Deny Patient Access at Own Risk

By Matt Fisher, Esq
Twitter: @matt_r_fisher
Host of Healthcare de Jure#HCdeJure

The Office for Civil Rights (OCR) continues its recent attention to enforcing an individual’s right of access under HIPAA. The latest step is the concurrent announcement of five settlements with various entities for alleged failures to provide records upon request. The new settlements build upon the chain that start in September 2019 when OCR imposed the first settlement premised upon a denial of access.

The latest examples are:

  1. Housing Works, Inc. – A non-profit organization providing healthcare, job training, legal aid support and other services primarily to homeless individuals. In July 2019 OCR received a complaint about an individual not having a request for access honored. OCR in turn provided technical assistance, which is not an unexpected outcome. Immediately following the technical assistance though, Housing Works again did not provide timely access, which issue was flagged in an August 2019 complaint. As a result of the failure to provide access, a $38,000 settlement resulted. Arguably the short period of time between the complaints fed into the push to a monetary resolution.
  2. All Inclusive Medical Services, Inc. (AIMS) – AIMS is a multi-specialty clinic covering an array of services. A patient filed a complaint with OCR after AIMS allegedly refused to provide the patient access to records and also subsequently denied a request to inspect the record. The double whammy of denying the patient both a copy and access to review seems to have fed into the $15,000 settlement.
  3. Northeast Behavioral Health Corporation (d/b/a Beth Israel Lahey Health Behavioral Services) (BILHBS) – BILHBS is a network of substance use disorder and mental health services. OCR received a complaint that an adult child was not provided with a copy of their parent’s medical record. The complaint was received in April 2019 and the records were only released in October 2019 after intervention by OCR. Without any other background facts, a settlement of $70,000 was reached.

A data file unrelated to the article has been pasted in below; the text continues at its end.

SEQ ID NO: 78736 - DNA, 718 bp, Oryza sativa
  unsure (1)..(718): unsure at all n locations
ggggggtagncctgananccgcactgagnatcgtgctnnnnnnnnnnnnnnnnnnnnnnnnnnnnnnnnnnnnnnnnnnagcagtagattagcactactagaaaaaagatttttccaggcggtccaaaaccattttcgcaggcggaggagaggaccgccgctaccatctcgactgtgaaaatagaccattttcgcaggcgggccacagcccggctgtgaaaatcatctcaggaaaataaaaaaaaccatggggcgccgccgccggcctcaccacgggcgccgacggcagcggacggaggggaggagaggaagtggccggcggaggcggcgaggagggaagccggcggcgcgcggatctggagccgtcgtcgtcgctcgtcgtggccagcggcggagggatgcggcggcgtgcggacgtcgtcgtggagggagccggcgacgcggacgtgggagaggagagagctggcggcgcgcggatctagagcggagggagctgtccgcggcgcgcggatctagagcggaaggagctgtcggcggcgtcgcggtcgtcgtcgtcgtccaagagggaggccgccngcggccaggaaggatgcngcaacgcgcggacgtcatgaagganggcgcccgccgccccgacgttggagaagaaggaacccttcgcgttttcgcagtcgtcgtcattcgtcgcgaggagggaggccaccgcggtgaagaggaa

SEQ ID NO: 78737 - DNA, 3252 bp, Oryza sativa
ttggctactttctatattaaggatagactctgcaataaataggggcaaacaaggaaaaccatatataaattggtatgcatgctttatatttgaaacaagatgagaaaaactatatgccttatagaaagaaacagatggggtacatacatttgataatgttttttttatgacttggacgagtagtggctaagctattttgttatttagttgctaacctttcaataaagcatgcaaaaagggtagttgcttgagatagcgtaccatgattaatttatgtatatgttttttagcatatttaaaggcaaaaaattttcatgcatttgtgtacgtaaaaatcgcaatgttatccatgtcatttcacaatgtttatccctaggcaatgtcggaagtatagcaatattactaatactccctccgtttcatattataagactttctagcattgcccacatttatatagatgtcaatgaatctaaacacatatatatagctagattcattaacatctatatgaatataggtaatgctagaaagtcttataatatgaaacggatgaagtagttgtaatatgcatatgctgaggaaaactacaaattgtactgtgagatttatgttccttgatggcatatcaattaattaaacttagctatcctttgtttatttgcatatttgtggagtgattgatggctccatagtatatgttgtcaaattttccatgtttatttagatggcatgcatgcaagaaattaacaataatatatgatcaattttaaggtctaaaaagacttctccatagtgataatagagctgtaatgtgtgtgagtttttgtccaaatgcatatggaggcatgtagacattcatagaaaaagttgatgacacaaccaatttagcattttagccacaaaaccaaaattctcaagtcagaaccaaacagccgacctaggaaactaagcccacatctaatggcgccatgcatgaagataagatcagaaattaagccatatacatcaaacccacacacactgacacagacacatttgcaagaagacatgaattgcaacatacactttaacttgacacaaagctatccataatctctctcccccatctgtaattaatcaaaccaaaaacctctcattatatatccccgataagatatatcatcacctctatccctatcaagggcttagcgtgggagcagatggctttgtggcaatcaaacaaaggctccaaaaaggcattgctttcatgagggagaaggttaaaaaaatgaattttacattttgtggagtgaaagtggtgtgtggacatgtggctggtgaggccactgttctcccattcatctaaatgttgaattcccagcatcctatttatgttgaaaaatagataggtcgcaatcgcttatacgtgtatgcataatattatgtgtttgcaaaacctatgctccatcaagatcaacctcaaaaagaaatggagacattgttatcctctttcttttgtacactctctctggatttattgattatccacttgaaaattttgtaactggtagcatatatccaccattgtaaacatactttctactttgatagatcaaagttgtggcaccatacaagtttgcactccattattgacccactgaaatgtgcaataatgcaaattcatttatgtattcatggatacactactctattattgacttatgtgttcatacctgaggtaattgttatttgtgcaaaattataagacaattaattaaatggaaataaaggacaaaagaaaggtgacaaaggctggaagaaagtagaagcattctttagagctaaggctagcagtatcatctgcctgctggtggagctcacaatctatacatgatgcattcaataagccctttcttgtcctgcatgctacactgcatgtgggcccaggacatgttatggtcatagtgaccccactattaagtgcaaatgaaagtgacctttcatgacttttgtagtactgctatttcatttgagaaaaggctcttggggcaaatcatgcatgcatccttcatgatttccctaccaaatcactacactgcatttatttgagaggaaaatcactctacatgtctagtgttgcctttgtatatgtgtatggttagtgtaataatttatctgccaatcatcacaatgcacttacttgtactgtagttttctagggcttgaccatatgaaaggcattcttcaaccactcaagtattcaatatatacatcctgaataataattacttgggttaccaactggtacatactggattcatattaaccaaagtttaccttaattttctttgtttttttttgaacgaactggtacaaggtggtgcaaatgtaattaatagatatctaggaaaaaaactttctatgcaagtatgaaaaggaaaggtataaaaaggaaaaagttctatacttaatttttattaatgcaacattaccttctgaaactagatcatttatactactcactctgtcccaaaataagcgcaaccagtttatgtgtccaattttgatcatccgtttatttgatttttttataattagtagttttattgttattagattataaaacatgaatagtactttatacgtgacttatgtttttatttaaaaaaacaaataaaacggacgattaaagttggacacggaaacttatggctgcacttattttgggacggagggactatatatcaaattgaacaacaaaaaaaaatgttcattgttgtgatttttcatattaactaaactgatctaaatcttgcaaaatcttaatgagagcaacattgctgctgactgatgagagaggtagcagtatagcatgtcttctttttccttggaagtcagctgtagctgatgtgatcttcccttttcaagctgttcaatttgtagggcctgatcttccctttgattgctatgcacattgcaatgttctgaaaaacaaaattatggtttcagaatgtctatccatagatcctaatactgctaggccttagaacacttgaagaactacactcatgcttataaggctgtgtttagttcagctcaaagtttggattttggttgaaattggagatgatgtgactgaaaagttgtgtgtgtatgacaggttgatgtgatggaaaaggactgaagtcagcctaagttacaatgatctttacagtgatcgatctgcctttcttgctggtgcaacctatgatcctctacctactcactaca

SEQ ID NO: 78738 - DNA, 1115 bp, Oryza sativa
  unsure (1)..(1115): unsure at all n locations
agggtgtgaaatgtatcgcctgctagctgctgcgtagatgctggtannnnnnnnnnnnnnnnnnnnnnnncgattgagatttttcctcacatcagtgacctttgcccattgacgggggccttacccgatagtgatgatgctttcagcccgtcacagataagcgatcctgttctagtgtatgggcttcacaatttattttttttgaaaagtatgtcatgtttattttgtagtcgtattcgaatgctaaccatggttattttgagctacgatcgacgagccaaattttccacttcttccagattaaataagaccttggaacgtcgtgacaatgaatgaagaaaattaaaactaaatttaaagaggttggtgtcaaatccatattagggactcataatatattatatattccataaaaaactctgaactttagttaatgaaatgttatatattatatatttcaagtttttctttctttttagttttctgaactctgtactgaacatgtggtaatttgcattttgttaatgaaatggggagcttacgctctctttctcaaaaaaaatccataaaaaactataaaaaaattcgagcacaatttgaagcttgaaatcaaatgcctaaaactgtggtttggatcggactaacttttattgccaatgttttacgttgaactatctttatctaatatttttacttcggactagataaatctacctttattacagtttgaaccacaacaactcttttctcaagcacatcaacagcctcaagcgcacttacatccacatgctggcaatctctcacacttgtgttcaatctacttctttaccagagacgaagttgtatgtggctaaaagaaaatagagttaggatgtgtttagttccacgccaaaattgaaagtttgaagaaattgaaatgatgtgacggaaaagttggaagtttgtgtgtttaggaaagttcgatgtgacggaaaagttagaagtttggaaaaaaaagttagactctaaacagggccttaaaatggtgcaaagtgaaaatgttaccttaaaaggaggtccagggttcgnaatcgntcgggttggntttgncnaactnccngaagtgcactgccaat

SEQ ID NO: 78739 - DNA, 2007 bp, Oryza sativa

4. Patricia King MD & Associates (King) – King is a psychiatric care provider group. In October 2018 a complaint was received by OCR about a patient not being able to access their records. As with Housing Works, OCR provided technical assistance. Also like Housing Works, a second complaint was filed in February 2020, by the same individual, that access had still not been provided. The records did not end up being released until July 2020 after an OCR investigation. The actions resulted in a $3,500 settlement.
  5. B. Wise Psychiatry, P.C. (Wise) – Wise is a psychiatry practice providing direct patient care. In February 2018 a personal representative filed a complaint over not being provided with a request copy of a minor child’s medical records. OCR again attempted to go the route of technical assistance. As with the other examples, technical assistance did not result in the right outcome and the same personal representative filed a second complaint in October 2018. Following an investigation, the records were finally released in May 2019, well over a year and a half after initially being requested. For the blocking, Wise entered into a settlement for $10,000.